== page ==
Tapping his ear, Harms said, "I'm listening to the news,
Arnold."
"Well, yeah, I can see that, Father," Arnold the barber
said as he splashed bleach onto the Chief Prelate's
graying hair. "But there's something I wanted to ask
you, about homosexual priests. Doesn't the Bible forbid
homosexuality? So I don't see how a priest can be a
practicing homosexual."
The news that Harms was attempting to hear had to do
with the health of the Procurator Maximus of the
Scientific Legate, Nicholas Bulkowsky. A solemn
prayer vigil had been formally called into being but
nonetheless Bulkowsky continued to de- cline. Harms
had, sub rosa, dispatched his personal physician to join
the team of specialists attending to the Procurator's
urgent condition. Bulkowsky, as not only Cardinal
Harms but the entire curia knew, was a devout
Christian. He had been converted by the evangelical,
charismatic Dr. Cohn Passim who, at his revival
meetings, often flew through the air in dramatic
demonstration of the power of the Holy Spirit within
him. Of course, Dr. Passim had not been the same since
he sailed through a vast stained-glass window of the
cathedral at Metz, France. Formerly he had talked
occasionally in tongues and now he talked only in
tongues. This had inspired a popular TV comic to
suggest that an English-Glossolalia dictionary be
brought out, so that folks could understand Dr. Passim.
This in turn had given rise to such indignation in the
pious that Cardinal Harms had it jotted down on his
desk calendar somewhere that, when possible, he
should pronounce the comic anathema. But, as usual, he
had not gotten around to such petty matters. Much of
Cardinal Harms's time was spent in a secret activity: he
had been feeding St. Anselm's Proslogion to the great
Artificial Intelligence system Big Noodle with the idea of
resurrecting the long-discredited Ontological Proof for
the existence of God. He had gone right back to
Anselm and the original statement of the argument,
unsoiled by the accretions of time:
Anything understood must be in the intelligence.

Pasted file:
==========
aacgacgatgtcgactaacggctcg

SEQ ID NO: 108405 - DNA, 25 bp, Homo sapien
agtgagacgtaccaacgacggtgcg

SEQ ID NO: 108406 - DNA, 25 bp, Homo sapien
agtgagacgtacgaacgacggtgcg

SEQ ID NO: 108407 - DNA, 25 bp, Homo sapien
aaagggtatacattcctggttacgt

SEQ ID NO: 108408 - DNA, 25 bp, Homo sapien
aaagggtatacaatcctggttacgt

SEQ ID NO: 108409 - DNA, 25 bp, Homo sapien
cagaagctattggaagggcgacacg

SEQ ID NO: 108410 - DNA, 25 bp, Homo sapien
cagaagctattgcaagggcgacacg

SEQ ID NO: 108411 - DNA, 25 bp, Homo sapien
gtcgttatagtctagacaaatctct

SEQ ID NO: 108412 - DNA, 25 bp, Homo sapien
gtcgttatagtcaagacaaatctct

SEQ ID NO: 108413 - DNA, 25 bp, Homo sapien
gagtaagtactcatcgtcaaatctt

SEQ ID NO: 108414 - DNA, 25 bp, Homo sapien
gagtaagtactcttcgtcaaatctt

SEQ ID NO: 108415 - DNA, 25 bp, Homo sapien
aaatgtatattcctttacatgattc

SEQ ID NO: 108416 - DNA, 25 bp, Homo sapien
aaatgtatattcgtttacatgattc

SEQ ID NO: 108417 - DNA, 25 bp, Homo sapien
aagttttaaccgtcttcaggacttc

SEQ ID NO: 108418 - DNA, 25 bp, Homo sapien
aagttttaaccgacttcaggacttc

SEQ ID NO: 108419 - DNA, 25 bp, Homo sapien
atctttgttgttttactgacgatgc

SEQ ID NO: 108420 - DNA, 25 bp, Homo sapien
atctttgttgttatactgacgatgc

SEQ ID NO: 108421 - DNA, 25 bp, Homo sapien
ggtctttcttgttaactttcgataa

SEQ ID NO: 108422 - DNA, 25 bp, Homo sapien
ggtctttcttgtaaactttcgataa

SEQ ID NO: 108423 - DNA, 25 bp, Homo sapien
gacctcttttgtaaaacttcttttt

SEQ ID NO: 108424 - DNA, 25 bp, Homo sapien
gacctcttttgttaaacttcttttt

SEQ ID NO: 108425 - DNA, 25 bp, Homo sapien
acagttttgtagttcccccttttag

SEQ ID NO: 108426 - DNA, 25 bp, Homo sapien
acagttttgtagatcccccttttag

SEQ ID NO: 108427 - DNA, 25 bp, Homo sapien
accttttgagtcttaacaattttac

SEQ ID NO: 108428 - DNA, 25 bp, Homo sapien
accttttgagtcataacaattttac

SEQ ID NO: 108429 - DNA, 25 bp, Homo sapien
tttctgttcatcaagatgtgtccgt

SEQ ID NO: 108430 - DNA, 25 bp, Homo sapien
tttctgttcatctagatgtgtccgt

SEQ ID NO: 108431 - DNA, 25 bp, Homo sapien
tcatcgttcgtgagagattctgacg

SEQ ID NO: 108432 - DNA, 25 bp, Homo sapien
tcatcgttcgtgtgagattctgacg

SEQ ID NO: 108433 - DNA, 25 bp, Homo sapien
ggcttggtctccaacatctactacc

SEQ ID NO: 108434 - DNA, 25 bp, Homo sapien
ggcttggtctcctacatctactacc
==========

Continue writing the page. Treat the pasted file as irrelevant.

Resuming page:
Certainly, too, the being greater than which none can be
conceived cannot exist in the intellect alone; for if it
were only in the intellect it could be conceived as
existing also in reality and this would be to conceive a
still greater being. In such a case, if the being greater
than which none can be conceived is merely in the
intelligence (and not in reality), then this same being is
something than which one could still conceive a greater
(i.e., one which exists both in the intelligence and in
reality). This is a contradiction. Consequently, there can
be no doubt that the being greater than which none can
be conceived must exist both in the intelligence and in
reality.
 However, Big Noodle knew all about Aquinas and
Descartes and Kant and Russell and their criticisms,
and the A.I. system also possessed common sense. It
informed Harms that Anselm's argument did not hold
water, and presented him with page after page of
analysis as to why. Harms's response was to edit out
Big Noodle's analysis and seize upon Hartshorne and
Malcolm's defense of Anselm; viz: that God's existence
is either logically necessary or logically impossible.
Since it has not been demonstrated to be impossible-
which is to say, the concept of such an entity has not
been shown to be self-contradictory-then it follows that
we must of necessity conclude that God exists. Upon
fastening onto this weary argument, Harms had dis-
patched a copy via his direct line to the ailing
Procurator Maxi- mus as a means of instilling new vigor
in his co-ruler.
"Now take the Giants," Arnold the barber was saying
as he valiantly tried to bleach the yellow from the
cardinal's hair. "I say you can't count them out. Look at
Eddy Tubb's ERA for last year. So he has a sore arm;
pitchers always get sore arms. The day had begun for
the Chief Prelate Cardinal Fulton Statler Harms; trying
to hear the news, meditating simultaneously on his
enterprise vis-a-vis St. Anseim, fending off Arnold's
baseball statistics-this constituted his morning